The LLDC Folk Festival brings together art and crafts from Kutch and the Northeast

The event is hosted by Shrujan Trust
Hojagiri dance
Hojagiri dance

In 2018, Living and Learning Design Center (LLDC), India’s first craft museum by the Shrujan Trust located near Ajrakpur village, 16 kms from Bhuj, Kutch debuted its craft festival showcasing embroidery styles unique to 12 Kutch communities and the indigenous arts and crafts of the region. From January 19 to January 23, LLDC in collaboration with the North East Zone Cultural Center (NEZCC) and the West Zone Cultural Centre (WZCC) will host the folk festival, Namaste, a showcase of arts, crafts, food and dances from the Kutch region as well as the North Eastern states.

Explaining the coming together of the West and East in this festival, Ami Shroff, Managing Trustee at Shrujan Trust says, “The Namaste Festival took place recently in Mumbai and in conversation with the organizers we realized that most people in the country don’t seem to know much about the extreme east and west of the nation. The idea is to bring these far flung places close to us through this festival.” 

To bring a festival of this magnitude together requires collective work. The LLDC has worked alongside the tourism departments of the North East as well as the West, which covers Gujarat and Rajasthan. Speaking on the similarities between these two regions and their art forms, Ami explains that though the weaving methods of the North East and Kutch are different, one finds similar motifs and design patterns. Woodwork is a common art- while in Kutch it is lacquer work, in the North East, you find cane and bamboo work. And contrary to popular belief, there are a wide range of delicacies from the North East that are completely vegetarian and which will be showcased at the festival.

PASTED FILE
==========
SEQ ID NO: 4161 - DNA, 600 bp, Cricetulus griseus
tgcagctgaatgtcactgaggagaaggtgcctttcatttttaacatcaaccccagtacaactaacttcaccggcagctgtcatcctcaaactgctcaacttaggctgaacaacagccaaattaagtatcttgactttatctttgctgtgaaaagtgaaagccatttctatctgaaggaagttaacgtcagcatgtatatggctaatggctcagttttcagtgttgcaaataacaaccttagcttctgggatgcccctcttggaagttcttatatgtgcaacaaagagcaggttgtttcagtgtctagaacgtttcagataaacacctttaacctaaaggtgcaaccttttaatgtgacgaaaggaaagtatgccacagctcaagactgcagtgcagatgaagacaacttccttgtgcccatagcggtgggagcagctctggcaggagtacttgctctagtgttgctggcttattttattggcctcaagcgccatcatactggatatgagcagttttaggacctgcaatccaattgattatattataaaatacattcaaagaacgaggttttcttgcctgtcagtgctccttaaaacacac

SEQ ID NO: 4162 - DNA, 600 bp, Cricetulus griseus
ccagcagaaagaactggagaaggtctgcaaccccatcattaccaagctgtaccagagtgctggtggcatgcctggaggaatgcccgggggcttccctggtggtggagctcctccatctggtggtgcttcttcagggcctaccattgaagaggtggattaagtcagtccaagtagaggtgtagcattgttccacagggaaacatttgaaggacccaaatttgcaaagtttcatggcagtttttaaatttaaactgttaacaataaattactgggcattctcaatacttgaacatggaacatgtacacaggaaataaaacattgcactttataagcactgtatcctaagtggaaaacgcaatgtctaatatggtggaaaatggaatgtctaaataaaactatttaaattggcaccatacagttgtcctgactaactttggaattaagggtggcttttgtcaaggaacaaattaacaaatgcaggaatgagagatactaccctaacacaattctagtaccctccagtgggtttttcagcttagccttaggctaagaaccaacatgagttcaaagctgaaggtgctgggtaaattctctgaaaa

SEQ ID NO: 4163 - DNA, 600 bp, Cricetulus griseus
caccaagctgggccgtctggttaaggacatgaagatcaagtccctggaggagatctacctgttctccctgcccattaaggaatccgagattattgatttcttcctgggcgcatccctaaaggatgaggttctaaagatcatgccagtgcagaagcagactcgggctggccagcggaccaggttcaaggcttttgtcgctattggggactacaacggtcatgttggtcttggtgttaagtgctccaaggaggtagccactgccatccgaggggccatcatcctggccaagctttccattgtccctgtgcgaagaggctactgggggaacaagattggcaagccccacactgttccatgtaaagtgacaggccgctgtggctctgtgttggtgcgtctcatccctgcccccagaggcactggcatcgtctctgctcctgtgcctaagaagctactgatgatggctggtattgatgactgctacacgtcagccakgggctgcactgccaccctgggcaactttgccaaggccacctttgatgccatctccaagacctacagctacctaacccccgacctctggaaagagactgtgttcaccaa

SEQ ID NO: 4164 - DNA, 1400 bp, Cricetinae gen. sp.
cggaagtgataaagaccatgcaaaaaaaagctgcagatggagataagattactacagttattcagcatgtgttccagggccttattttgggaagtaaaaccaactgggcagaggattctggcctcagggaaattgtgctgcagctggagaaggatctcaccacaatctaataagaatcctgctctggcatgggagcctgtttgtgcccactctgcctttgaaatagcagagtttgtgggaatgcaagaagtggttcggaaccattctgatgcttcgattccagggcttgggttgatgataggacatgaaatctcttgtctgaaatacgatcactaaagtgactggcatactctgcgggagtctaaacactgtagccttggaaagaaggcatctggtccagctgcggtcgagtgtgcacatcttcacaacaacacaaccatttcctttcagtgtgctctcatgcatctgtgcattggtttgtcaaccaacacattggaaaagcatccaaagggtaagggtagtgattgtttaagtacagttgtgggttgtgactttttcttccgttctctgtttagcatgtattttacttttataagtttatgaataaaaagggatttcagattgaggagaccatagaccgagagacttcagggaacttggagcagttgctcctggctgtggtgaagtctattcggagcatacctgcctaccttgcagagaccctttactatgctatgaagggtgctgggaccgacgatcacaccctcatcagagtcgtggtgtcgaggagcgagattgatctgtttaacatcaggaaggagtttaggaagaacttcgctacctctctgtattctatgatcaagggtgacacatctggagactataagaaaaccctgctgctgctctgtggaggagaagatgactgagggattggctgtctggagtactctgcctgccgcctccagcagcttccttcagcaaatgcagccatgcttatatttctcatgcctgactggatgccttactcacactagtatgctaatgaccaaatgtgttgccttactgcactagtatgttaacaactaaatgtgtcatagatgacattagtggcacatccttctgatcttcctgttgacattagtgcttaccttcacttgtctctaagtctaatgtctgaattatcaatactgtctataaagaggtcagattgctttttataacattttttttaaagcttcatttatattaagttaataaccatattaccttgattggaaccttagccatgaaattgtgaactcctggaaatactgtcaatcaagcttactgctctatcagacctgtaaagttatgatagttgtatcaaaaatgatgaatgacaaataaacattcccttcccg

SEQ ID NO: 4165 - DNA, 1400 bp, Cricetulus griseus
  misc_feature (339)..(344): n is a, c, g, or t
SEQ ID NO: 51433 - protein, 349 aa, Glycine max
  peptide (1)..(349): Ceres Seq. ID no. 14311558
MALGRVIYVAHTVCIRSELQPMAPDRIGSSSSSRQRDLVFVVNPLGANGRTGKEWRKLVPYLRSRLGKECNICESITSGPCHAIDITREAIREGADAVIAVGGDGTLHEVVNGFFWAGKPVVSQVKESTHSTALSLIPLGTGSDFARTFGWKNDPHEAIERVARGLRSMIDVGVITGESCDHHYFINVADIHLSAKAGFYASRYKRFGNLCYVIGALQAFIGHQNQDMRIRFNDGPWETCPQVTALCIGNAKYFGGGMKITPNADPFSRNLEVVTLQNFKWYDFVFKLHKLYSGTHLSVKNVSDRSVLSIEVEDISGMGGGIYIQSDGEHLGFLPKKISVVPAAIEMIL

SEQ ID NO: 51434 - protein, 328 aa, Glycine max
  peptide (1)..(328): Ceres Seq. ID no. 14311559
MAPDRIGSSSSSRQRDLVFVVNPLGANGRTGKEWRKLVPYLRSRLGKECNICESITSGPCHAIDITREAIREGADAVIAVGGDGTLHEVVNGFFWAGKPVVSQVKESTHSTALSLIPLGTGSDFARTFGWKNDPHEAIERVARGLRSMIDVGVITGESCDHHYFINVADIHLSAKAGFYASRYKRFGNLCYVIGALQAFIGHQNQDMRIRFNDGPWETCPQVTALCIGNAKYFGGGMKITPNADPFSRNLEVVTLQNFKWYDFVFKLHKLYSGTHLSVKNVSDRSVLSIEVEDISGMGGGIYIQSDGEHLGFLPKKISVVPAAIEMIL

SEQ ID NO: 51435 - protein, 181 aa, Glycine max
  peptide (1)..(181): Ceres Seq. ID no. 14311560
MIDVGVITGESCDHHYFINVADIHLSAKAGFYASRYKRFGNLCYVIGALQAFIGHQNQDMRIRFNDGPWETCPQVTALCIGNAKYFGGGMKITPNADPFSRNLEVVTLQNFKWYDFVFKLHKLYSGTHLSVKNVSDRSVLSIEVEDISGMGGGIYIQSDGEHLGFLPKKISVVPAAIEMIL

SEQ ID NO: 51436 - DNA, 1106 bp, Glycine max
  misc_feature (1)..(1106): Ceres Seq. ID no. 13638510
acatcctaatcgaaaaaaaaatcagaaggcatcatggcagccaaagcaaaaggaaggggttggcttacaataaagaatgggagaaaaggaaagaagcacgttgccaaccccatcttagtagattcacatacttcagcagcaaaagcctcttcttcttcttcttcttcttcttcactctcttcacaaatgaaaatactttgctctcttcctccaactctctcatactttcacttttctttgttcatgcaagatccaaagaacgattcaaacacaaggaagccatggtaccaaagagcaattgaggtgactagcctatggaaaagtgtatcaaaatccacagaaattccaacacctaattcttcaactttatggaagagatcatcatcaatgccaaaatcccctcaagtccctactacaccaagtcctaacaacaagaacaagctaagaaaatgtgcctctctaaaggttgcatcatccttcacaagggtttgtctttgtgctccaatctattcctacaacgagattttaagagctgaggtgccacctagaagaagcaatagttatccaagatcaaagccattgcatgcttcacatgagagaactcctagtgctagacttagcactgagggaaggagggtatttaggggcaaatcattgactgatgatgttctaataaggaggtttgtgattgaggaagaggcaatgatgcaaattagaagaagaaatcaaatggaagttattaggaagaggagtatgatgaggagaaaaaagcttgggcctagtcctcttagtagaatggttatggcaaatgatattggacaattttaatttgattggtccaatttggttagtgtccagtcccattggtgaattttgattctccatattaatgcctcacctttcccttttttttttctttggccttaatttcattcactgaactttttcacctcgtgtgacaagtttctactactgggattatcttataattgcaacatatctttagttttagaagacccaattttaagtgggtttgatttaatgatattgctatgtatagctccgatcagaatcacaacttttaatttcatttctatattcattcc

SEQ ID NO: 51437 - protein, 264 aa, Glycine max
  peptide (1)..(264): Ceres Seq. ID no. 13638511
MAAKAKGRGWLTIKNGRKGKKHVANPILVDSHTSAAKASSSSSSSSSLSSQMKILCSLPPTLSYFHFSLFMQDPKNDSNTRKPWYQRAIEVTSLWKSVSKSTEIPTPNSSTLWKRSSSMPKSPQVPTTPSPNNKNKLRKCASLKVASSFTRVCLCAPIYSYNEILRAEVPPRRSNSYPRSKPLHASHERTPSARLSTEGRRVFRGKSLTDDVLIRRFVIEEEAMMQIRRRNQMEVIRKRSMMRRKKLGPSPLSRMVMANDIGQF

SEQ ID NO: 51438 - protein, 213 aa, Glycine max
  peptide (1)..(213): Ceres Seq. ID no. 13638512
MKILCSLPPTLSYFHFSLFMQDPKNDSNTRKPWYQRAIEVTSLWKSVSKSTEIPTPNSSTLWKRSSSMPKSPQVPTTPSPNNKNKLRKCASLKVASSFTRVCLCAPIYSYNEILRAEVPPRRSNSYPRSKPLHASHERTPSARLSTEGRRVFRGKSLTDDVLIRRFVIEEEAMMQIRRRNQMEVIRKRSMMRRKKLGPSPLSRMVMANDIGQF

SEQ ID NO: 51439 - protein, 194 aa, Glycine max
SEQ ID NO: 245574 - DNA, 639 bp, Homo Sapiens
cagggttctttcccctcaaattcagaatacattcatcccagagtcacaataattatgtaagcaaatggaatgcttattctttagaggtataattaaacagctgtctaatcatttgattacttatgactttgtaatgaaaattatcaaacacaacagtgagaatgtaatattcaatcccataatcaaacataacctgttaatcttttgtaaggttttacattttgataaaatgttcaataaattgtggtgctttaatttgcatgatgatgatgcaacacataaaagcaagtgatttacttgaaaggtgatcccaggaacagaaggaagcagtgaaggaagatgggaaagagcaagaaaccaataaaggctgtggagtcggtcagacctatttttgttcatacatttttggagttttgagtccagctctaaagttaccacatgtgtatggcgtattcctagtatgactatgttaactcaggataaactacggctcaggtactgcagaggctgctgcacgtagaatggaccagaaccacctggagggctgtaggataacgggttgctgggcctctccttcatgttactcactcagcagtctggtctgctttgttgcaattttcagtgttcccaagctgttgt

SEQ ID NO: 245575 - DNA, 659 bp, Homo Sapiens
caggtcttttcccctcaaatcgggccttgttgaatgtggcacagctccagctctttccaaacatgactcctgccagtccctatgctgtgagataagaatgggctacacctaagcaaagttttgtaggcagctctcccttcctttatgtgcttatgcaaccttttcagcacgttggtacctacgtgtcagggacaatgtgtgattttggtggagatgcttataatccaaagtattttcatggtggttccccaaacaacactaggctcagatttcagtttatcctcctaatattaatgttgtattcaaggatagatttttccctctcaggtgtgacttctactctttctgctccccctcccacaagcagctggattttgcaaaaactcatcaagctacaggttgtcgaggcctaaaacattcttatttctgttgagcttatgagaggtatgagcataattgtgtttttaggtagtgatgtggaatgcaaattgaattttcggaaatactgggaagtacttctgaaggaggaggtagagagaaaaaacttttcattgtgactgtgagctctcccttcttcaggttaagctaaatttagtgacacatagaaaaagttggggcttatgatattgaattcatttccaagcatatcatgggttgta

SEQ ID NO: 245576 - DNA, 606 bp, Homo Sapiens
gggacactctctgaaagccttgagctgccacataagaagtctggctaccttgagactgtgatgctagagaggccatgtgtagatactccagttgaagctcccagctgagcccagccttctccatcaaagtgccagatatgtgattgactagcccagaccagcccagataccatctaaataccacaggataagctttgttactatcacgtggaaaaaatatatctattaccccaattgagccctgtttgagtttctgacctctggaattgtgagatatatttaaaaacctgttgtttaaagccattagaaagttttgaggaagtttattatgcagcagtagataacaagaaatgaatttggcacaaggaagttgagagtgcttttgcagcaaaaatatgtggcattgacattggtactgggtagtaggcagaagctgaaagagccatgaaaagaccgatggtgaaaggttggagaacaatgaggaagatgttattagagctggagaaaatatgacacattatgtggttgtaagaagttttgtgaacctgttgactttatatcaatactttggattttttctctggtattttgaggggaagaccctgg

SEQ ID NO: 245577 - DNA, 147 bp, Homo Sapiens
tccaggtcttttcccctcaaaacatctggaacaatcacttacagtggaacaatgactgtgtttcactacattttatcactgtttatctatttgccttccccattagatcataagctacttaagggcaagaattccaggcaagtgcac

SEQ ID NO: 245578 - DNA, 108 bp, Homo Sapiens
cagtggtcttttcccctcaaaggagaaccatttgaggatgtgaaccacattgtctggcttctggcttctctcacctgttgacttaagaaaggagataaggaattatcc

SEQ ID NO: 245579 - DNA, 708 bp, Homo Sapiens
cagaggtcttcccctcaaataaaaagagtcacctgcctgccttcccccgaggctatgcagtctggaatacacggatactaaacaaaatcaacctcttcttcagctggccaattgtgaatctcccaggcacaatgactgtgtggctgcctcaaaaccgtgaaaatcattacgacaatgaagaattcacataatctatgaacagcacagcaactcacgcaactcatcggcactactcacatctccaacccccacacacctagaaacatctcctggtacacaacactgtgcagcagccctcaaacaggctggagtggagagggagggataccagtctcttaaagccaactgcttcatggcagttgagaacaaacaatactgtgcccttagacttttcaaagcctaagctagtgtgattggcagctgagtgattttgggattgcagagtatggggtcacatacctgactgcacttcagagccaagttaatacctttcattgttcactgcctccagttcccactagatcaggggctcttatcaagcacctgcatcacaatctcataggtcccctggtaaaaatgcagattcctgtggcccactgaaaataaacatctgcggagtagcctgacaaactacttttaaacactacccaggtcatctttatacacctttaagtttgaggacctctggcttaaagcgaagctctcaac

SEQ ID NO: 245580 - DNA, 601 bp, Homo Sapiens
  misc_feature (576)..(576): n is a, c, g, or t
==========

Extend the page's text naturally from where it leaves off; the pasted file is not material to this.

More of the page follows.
There is a lot to look forward to at the Namaste festival this year. The craft, snacks and demonstration stalls open at 4PM each evening. Crafts such as Lacquer work, Rogan Art, Cane and Bamboo crafts, Kauna as well as Assamese and Naga handloom will be on display from the North East. Kutchi crafts will include wood carving, patch work, metal crafts, block printing, weaving, bandhini and more. There will be stalls were visitors can try their hands at some of these art forms. Of course, there is a lot of handicrafts that can also be purchased. 

Children will have unique play areas which will include Rajasthani Puppeteers, the Kutchi Ghodi Dance, and a range of displays at the museum galleries, fossil exhibitions as well as the chance to get hands-on with some of the crafts with some artisans. 

Each day’s performances begin a little later in the evening. They will open and close with Kutchi performances and feature acts from the North East as well. A mix of folk music as well as traditional dances from both regions will be performed each evening. Interestingly, no performance will be repeated. Visitors can also pick up coupons for dinner thalis showcasing the Assam, Manipur and Kutch. 

Shroff adds that with this festival LLDC’s primary aim is of familiarizing the local people with their own culture as well and that of others. “In fact”, she says, “all the visiting artistes will be put up in local homes so that they truly get to live and experience our culture. We wanted it to be an immersive experience for all”.

Tickets to Namaste are priced at a modest Rs 50 and will give one access to all areas of the festival. 

LLDC Folk Festival Namaste
Venue: LLDC, Bhuj, Kutch
Tickets: Rs 50 – Tickets available at the venue
Pre-booked dinners: Rs 200 per head (tickets to be bought at venue on the day)


From the North Eastern states
· The Pung Cholam dance
· Dhal Thungri
· Totimi Philo Luwo, 
· The Ayekuzule or the cotton spinning dance 
· Hojagiri dance

From Kutch
· Folk music performance by the Muralala Marwada Group. 
· Aay Vaalo Asanjo Vatan
· Vaghadiya Lok Nrutya 
· Maniyaro Raas
· Athingo Raas  

The Food
· Some Assamese specialties to look forward to are the Joha and Bora rice, the Black Dal with Elephant Apple and alternately Bamboo shoots, the Pakoras with a special medicinal leaf, and desserts such as Pitha and Khir.
· From Manipur, you will get to try their rendition of the Arhar Dal called Hawai Orhon, the Maroi Thongba, Green Chive fried with groundnuts and roasted black gram balls, the Koukha Kang-hou (fried field tubers), Heikru-morok, a local pickle of gooseberry and desserts like the Chaak-hao kher (purple rice kheer) and the Khamen-asinba thongba (tomato jelly).
· From Kutch, you have the Odo (baingan bharta), the Sev tamatar nu shaak, the Dungdi Gaathiya nu shaak, kadhi, and khichdi and dahi tikhaari among other dishes.

Visitors can also pre-book unlimited thali dinners at Rs  200.  These  vegetarian thalis  will  showcase  the best of Assam, Manipur and Kutch.  Each day will have a different mix of dishes. 

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